An update on the Big Switch Off: Introduction of Speed Limits?

The Big Switch Off

Introduction of Speed Limits?

Openreach, the UK’s largest broadband infrastructure provider, is reportedly conducting trials of broadband speed limits aimed at encouraging customers to switch from copper to fibre broadband. The company is said to be testing a variety of approaches, such as reducing the speed of copper connections and offering discounts or other incentives to customers who upgrade to fibre.

The trials are part of Openreach’s efforts to phase out the use of copper broadband, which is slower and less reliable than fibre, and to switch all customers to full fibre by 2030. The company has already announced plans to stop selling copper-based products by 2025, but some customers may be reluctant to upgrade due to the higher cost of fibre or other reasons.

According to reports, the speed limits being tested are relatively modest, with copper connections being throttled to around 40Mbps or 55Mbps in some cases. This is still significantly faster than the minimum speeds guaranteed by Ofcom’s Universal Service Obligation (USO), which currently stands at 10Mbps for downloads and 1Mbps for uploads.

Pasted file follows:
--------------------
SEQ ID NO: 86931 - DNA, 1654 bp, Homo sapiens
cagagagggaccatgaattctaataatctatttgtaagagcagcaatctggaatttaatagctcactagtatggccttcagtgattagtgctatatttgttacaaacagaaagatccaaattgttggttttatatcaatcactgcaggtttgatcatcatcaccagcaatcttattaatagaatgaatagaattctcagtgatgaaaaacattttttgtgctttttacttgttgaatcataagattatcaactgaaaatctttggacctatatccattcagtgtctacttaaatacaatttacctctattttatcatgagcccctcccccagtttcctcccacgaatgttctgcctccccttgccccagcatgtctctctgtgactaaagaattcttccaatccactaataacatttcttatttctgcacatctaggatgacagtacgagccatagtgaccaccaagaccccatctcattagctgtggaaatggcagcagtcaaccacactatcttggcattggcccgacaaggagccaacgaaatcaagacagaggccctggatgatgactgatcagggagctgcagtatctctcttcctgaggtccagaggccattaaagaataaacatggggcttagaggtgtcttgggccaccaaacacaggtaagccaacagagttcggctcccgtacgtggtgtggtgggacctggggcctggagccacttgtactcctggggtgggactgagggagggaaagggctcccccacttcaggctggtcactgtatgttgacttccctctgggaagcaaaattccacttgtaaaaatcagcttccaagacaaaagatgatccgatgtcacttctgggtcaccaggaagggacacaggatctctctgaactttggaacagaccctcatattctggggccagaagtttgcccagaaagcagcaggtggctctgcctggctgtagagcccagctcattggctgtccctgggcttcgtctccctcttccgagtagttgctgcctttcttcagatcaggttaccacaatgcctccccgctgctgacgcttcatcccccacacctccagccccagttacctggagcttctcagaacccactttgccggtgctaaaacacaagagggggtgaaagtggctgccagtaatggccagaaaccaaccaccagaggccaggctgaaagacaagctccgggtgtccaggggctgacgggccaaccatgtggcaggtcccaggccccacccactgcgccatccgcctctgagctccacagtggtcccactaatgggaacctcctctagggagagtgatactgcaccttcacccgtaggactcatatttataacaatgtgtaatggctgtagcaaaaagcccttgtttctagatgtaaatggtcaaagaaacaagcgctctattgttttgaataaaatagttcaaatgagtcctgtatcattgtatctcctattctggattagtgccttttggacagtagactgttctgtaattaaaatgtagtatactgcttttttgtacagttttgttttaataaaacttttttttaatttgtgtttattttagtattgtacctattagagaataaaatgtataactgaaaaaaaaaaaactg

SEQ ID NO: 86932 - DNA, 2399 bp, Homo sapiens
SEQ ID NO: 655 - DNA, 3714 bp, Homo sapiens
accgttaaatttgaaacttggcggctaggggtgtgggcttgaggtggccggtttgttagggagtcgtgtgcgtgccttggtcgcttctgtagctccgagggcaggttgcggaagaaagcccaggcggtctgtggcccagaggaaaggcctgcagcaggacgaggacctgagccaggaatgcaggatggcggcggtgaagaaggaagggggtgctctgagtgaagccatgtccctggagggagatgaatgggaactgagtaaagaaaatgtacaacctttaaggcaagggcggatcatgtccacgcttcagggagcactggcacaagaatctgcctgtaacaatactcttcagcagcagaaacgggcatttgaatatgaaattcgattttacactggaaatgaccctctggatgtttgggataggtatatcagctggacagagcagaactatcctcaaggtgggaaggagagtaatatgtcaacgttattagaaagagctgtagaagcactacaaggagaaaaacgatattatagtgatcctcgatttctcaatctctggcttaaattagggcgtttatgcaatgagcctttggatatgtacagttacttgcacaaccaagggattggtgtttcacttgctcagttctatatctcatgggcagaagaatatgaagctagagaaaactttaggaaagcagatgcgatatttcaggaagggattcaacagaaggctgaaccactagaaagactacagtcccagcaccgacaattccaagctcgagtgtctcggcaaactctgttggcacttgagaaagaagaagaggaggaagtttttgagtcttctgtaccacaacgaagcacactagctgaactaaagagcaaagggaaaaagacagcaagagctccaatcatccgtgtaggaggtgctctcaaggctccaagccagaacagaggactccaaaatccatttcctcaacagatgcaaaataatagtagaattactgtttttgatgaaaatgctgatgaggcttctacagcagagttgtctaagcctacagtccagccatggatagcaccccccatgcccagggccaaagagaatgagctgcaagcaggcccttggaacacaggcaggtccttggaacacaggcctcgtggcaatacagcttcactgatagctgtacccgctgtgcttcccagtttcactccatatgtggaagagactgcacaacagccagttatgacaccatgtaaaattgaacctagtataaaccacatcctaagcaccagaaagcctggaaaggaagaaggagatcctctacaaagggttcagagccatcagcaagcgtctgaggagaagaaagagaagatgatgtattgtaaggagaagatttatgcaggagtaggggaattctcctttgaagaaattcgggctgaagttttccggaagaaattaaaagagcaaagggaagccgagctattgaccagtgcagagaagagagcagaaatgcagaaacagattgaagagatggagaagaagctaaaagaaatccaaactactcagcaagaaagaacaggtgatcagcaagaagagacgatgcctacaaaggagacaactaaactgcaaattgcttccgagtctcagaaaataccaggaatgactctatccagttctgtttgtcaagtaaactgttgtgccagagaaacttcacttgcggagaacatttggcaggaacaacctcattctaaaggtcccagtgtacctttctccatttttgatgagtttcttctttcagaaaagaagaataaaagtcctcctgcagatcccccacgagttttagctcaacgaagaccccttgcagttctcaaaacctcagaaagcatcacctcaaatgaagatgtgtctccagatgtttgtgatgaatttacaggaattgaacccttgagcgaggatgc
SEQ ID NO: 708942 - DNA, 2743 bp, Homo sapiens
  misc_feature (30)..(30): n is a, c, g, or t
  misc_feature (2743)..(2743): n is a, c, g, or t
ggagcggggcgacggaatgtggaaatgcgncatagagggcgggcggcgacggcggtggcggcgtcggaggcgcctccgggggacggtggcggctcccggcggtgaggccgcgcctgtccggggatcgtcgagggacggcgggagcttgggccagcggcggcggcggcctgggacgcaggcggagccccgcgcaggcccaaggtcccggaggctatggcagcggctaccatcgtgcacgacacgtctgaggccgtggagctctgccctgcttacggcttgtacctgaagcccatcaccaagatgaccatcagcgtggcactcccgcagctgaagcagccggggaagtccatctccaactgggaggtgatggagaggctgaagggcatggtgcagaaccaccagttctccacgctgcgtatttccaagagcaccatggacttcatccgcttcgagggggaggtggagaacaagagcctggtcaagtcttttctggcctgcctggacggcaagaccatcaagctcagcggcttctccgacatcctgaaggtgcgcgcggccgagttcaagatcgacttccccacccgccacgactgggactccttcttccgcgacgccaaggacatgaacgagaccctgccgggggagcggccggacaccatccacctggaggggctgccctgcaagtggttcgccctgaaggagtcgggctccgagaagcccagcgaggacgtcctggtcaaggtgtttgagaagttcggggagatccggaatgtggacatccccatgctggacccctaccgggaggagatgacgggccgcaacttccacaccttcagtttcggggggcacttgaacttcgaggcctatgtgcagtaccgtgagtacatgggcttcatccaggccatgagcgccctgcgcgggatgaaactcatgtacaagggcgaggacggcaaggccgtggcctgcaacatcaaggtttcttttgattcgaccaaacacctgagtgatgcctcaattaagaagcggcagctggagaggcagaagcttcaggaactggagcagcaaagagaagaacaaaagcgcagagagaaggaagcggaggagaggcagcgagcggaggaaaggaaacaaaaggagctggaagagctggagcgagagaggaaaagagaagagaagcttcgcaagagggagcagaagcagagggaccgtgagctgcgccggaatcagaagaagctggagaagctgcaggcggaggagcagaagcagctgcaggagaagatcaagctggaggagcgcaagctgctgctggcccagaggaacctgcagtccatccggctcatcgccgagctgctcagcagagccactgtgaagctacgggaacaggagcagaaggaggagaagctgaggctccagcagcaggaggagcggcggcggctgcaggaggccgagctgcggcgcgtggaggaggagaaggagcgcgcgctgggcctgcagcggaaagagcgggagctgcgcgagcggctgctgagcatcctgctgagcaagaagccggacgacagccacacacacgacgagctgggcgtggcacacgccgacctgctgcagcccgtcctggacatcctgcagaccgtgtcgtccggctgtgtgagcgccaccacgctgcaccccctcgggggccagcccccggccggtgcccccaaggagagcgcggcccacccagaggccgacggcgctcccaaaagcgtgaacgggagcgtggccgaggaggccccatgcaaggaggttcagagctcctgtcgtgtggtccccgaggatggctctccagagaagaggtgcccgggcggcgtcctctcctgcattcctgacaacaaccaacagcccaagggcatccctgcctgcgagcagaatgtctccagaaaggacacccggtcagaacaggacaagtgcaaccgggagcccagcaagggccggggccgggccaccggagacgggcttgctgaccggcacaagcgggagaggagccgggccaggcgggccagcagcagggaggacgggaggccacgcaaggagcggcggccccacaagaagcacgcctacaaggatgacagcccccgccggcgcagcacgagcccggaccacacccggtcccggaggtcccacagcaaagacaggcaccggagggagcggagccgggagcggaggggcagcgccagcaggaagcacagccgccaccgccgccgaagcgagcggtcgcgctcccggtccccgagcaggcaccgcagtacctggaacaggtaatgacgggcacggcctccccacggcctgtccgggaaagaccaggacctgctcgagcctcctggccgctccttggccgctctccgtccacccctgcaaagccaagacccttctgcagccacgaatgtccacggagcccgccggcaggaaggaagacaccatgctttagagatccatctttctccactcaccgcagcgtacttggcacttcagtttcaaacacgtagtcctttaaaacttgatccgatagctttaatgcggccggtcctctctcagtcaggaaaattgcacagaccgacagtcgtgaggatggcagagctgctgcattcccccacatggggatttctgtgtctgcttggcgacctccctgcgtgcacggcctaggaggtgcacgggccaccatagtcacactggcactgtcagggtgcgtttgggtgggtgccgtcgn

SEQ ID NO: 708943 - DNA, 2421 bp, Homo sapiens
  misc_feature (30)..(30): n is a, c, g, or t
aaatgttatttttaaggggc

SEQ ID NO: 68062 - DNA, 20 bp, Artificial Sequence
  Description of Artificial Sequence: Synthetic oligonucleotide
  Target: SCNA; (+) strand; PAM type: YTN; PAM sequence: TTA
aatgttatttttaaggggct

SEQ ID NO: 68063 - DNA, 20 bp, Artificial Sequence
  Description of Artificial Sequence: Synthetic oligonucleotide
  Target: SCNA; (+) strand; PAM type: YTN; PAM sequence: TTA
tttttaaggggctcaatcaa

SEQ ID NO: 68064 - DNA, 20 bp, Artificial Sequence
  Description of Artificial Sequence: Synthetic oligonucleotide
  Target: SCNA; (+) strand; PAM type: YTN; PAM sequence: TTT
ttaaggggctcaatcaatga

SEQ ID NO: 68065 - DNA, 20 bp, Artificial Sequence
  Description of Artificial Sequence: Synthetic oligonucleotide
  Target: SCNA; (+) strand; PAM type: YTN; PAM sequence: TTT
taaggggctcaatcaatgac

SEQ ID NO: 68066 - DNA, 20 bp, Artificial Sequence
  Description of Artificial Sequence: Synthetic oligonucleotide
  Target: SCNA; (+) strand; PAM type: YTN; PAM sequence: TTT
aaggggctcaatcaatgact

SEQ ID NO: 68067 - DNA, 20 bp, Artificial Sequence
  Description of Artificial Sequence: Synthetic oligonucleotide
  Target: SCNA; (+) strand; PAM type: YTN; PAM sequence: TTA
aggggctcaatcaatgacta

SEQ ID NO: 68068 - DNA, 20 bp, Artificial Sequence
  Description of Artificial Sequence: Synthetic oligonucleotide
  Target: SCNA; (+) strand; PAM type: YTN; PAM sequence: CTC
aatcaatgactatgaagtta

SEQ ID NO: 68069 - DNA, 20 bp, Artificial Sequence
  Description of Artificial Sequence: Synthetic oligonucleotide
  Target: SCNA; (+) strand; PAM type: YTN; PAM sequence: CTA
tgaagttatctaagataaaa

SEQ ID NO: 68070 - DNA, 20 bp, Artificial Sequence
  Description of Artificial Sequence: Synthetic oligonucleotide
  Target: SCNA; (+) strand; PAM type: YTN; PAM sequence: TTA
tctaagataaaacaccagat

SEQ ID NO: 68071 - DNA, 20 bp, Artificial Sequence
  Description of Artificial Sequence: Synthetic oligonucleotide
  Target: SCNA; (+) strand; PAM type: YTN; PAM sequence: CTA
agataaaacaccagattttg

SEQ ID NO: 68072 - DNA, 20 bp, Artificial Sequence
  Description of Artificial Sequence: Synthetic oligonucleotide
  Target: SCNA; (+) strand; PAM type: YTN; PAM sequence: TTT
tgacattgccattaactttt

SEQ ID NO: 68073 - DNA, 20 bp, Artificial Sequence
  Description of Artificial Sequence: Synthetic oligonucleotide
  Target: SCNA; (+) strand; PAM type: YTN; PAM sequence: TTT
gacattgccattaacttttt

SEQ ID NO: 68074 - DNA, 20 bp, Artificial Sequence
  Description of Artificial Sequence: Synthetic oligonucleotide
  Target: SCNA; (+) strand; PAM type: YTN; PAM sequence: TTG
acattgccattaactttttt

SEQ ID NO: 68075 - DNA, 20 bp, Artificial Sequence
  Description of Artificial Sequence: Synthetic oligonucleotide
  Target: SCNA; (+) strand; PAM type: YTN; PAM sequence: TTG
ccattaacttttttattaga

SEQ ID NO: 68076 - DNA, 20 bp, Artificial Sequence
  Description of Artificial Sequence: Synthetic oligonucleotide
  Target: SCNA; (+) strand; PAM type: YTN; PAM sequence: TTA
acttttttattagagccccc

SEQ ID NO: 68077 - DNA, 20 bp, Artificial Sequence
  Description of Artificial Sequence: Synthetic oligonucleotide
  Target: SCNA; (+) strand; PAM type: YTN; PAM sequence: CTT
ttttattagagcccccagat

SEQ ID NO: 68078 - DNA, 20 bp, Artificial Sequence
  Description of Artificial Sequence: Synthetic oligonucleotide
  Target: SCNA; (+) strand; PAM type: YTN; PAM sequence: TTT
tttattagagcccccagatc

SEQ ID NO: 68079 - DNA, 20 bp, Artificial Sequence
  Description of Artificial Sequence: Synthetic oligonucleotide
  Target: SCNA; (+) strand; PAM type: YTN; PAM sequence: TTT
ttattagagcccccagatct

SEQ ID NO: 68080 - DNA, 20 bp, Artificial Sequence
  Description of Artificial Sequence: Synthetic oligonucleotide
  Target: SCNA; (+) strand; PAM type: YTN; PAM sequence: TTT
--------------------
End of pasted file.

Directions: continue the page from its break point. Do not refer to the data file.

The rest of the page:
Openreach has not yet commented on the trials, but some consumer groups have expressed concern that the company may be using a heavy-handed approach to push customers towards fibre. Others have argued that the trials are a necessary step towards achieving the UK government’s goal of a full-fibre network by 2033.

It remains to be seen whether the trials will be successful in encouraging customers to switch to fibre broadband, or whether they will prove controversial among customers and regulators. However, as the demand for high-speed broadband continues to grow, it seems likely that Openreach and other broadband providers will need to find new ways to incentivize customers to upgrade to faster and more reliable connections. If you’re still on an ISDN or PTSN line, we can assist you in getting ready and preparing for this transition.

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